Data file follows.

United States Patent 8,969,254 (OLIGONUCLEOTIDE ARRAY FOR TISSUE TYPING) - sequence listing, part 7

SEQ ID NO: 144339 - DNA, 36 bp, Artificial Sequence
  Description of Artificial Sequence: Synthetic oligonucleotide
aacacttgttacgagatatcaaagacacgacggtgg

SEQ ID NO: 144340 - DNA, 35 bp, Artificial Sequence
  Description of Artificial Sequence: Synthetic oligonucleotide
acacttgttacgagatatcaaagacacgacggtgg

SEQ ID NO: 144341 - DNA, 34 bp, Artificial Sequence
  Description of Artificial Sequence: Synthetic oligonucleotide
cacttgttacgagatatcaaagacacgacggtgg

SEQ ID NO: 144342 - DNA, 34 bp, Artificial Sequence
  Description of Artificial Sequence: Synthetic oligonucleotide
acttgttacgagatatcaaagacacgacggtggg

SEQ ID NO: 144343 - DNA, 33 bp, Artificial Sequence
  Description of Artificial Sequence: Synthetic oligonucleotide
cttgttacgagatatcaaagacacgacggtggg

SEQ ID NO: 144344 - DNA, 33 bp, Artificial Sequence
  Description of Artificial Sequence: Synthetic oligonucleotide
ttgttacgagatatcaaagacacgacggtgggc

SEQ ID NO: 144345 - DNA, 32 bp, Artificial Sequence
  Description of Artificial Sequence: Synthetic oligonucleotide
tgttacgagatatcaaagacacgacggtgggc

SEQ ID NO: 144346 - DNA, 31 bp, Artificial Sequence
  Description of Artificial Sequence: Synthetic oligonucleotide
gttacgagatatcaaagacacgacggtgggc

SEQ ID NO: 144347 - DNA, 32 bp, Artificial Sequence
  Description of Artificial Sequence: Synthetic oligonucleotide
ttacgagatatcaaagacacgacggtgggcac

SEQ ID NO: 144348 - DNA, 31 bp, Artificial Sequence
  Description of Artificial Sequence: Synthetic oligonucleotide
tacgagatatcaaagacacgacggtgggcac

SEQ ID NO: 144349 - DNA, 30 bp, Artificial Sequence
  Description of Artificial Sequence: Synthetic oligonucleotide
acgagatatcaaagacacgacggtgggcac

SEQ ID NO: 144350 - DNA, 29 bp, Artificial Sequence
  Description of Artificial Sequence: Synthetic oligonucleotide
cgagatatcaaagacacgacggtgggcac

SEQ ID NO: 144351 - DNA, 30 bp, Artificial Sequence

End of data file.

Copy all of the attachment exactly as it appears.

United States Patent 8,969,254 (OLIGONUCLEOTIDE ARRAY FOR TISSUE TYPING) - sequence listing, part 7

SEQ ID NO: 144339 - DNA, 36 bp, Artificial Sequence
  Description of Artificial Sequence: Synthetic oligonucleotide
aacacttgttacgagatatcaaagacacgacggtgg

SEQ ID NO: 144340 - DNA, 35 bp, Artificial Sequence
  Description of Artificial Sequence: Synthetic oligonucleotide
acacttgttacgagatatcaaagacacgacggtgg

SEQ ID NO: 144341 - DNA, 34 bp, Artificial Sequence
  Description of Artificial Sequence: Synthetic oligonucleotide
cacttgttacgagatatcaaagacacgacggtgg

SEQ ID NO: 144342 - DNA, 34 bp, Artificial Sequence
  Description of Artificial Sequence: Synthetic oligonucleotide
acttgttacgagatatcaaagacacgacggtggg

SEQ ID NO: 144343 - DNA, 33 bp, Artificial Sequence
  Description of Artificial Sequence: Synthetic oligonucleotide
cttgttacgagatatcaaagacacgacggtggg

SEQ ID NO: 144344 - DNA, 33 bp, Artificial Sequence
  Description of Artificial Sequence: Synthetic oligonucleotide
ttgttacgagatatcaaagacacgacggtgggc

SEQ ID NO: 144345 - DNA, 32 bp, Artificial Sequence
  Description of Artificial Sequence: Synthetic oligonucleotide
tgttacgagatatcaaagacacgacggtgggc

SEQ ID NO: 144346 - DNA, 31 bp, Artificial Sequence
  Description of Artificial Sequence: Synthetic oligonucleotide
gttacgagatatcaaagacacgacggtgggc

SEQ ID NO: 144347 - DNA, 32 bp, Artificial Sequence
  Description of Artificial Sequence: Synthetic oligonucleotide
ttacgagatatcaaagacacgacggtgggcac

SEQ ID NO: 144348 - DNA, 31 bp, Artificial Sequence
  Description of Artificial Sequence: Synthetic oligonucleotide
tacgagatatcaaagacacgacggtgggcac

SEQ ID NO: 144349 - DNA, 30 bp, Artificial Sequence
  Description of Artificial Sequence: Synthetic oligonucleotide
acgagatatcaaagacacgacggtgggcac

SEQ ID NO: 144350 - DNA, 29 bp, Artificial Sequence
  Description of Artificial Sequence: Synthetic oligonucleotide
cgagatatcaaagacacgacggtgggcac

SEQ ID NO: 144351 - DNA, 30 bp, Artificial Sequence